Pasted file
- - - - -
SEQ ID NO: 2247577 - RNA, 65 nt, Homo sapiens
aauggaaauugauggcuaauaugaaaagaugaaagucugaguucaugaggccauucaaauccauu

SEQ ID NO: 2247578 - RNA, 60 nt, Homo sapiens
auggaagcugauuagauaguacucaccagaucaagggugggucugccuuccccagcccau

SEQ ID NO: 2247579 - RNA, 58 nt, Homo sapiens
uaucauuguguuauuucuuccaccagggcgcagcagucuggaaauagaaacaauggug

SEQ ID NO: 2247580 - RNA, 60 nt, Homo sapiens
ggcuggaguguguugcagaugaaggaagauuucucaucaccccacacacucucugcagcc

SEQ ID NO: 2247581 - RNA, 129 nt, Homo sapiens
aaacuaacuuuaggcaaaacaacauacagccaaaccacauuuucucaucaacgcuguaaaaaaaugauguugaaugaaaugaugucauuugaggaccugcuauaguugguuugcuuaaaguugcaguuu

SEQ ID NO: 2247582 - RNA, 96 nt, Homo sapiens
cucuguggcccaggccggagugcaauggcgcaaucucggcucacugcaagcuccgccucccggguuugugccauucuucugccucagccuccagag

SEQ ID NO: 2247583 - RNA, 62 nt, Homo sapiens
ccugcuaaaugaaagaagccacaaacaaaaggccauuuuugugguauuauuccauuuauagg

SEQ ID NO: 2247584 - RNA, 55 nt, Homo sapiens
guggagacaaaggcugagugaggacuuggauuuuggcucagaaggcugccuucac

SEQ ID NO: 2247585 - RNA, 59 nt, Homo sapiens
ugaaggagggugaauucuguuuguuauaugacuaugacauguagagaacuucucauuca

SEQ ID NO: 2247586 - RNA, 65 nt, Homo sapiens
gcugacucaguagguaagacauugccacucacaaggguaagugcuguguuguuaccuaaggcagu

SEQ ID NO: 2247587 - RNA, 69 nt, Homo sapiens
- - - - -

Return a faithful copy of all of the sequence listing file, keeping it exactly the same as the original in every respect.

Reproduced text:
SEQ ID NO: 2247577 - RNA, 65 nt, Homo sapiens
aauggaaauugauggcuaauaugaaaagaugaaagucugaguucaugaggccauucaaauccauu

SEQ ID NO: 2247578 - RNA, 60 nt, Homo sapiens
auggaagcugauuagauaguacucaccagaucaagggugggucugccuuccccagcccau

SEQ ID NO: 2247579 - RNA, 58 nt, Homo sapiens
uaucauuguguuauuucuuccaccagggcgcagcagucuggaaauagaaacaauggug

SEQ ID NO: 2247580 - RNA, 60 nt, Homo sapiens
ggcuggaguguguugcagaugaaggaagauuucucaucaccccacacacucucugcagcc

SEQ ID NO: 2247581 - RNA, 129 nt, Homo sapiens
aaacuaacuuuaggcaaaacaacauacagccaaaccacauuuucucaucaacgcuguaaaaaaaugauguugaaugaaaugaugucauuugaggaccugcuauaguugguuugcuuaaaguugcaguuu

SEQ ID NO: 2247582 - RNA, 96 nt, Homo sapiens
cucuguggcccaggccggagugcaauggcgcaaucucggcucacugcaagcuccgccucccggguuugugccauucuucugccucagccuccagag

SEQ ID NO: 2247583 - RNA, 62 nt, Homo sapiens
ccugcuaaaugaaagaagccacaaacaaaaggccauuuuugugguauuauuccauuuauagg

SEQ ID NO: 2247584 - RNA, 55 nt, Homo sapiens
guggagacaaaggcugagugaggacuuggauuuuggcucagaaggcugccuucac

SEQ ID NO: 2247585 - RNA, 59 nt, Homo sapiens
ugaaggagggugaauucuguuuguuauaugacuaugacauguagagaacuucucauuca

SEQ ID NO: 2247586 - RNA, 65 nt, Homo sapiens
gcugacucaguagguaagacauugccacucacaaggguaagugcuguguuguuaccuaaggcagu

SEQ ID NO: 2247587 - RNA, 69 nt, Homo sapiens